After all that sightseeing, visitors will have built up an appetite, and they can savour lunch in one of Old Town’s many cafes or seafront eateries, before spending the afternoon enjoying the fun of the fair at Dreamland Margate. A new addition to its vintage ride collection for 2021 is a lovingly restored Ghost Train, joining other classics including the Waltzer and Gallopers. Some rides, including the 101-year-old Scenic Railway – Britain’s oldest rollercoaster – are yet to reopen, but are set to return in 2022.
For dinner, Angela’s of Margate features a menu packed with ethically sourced seafood and vegetarian dishes, while Buoy and Oyster puts the focus on some of the best meat and seafood that the region has to offer. Alternatively, visitors can enjoy intimate dining at the 18-seat New Street Bistro, or take the experience outdoors into their courtyard garden restaurant New Street Al Fresco, which can be found opposite.
If they have more time in Margate, visitors can explore the Dicken’s and Turner Trail, a four-mile accessible walking route linking the Turner Contemporary Gallery with Broadstairs, a popular holiday haunt of writer Charles Dickens. Colourful mosaics document the pair’s connections with the region along the route, while regular buses operate between the two locations for those not wishing to walk both ways. Visitors can also set foot in Bleak House, where Dickens penned David Copperfield, or venture north along the coast to discover the golden sands, rock pools and chalk stacks of Botany Bay.
Getting here: Direct trains from St Pancras International and Victoria take 90 minutes to two hours.
Places to stay: A selection of places to stay in Margate, Broadgate and Ramsgate can be found at Visit Thanet, including:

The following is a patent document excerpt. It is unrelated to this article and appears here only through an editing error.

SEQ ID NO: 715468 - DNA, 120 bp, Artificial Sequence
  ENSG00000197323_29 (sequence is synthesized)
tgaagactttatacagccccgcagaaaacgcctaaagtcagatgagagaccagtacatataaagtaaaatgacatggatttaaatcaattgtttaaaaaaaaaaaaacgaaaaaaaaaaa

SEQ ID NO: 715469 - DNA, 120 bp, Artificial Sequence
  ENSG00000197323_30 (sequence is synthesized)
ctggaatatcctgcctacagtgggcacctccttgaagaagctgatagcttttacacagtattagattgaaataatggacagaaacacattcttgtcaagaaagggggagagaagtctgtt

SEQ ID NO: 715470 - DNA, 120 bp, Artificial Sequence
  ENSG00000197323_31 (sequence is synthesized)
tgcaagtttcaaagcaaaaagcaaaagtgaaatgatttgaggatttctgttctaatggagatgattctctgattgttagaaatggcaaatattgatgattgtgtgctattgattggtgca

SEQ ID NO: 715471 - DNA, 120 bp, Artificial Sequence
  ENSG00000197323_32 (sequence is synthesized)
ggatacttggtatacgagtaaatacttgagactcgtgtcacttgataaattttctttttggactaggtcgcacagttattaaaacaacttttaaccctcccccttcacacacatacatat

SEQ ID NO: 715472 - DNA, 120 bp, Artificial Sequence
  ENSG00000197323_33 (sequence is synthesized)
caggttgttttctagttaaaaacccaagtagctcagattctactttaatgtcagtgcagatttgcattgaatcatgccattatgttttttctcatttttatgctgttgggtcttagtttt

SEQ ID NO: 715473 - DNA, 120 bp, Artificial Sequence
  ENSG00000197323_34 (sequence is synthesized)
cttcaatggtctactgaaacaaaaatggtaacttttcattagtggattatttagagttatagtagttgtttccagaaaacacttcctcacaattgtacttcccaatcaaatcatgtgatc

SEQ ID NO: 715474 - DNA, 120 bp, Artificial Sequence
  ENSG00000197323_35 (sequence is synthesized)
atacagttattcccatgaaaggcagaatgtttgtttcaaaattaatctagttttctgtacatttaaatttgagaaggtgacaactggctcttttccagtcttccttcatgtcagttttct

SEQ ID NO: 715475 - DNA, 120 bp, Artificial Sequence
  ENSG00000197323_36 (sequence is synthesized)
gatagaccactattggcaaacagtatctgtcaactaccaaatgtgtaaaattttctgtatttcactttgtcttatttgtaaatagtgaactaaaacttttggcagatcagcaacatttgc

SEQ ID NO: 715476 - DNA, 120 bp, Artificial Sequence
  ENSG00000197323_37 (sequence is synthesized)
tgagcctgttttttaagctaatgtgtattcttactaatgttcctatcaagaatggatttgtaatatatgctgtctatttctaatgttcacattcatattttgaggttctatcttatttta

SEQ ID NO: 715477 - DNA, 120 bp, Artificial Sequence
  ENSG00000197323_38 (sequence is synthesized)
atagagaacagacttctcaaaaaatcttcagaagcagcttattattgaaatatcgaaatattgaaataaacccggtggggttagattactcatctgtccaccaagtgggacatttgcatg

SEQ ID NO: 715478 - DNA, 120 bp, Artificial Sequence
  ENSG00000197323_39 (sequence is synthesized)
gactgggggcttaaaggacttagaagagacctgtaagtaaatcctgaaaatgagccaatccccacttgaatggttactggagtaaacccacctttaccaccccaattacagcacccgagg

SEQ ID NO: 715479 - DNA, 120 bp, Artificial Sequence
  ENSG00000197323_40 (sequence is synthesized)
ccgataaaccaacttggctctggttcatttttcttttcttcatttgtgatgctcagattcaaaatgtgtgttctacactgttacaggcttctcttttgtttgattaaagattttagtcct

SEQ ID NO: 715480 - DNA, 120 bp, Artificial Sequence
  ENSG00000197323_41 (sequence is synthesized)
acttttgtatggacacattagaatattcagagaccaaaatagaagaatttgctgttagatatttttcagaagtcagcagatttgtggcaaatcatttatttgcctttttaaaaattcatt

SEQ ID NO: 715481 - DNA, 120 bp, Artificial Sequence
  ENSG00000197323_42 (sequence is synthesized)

Eastbourne, on England’s southern coast, mixes history and culture with striking outdoor landscapes. Visitors can start the day by exploring the town’s wealth of independent shops before browsing contemporary art at Towner Eastbourne, the south-east’s largest purpose-built gallery. Here, visitors can discover an internationally renowned collection of 5,000 works, as well as a wealth of exhibitions which change every few months.
Foodies can sample fish and chips on the town’s Victorian pier for lunch, before an afternoon stroll along the promenade. Visitors can pass the Wish Tower, a historical Martello Tower dating back to the Napoleonic era, and the Eastbourne Redoubt, a fascinating coastal fort and museum which is due to reopen in 2022. They can also try their hand at mini golf, or venture out onto the water for a kayaking or paddle boarding adventure.
The town offers a range of evening meal options, from exquisite fine dining at the Mirabelle Restaurant at the Grand Hotel, to Turkish delicacies at Meze and Indian cuisine at Malayalam.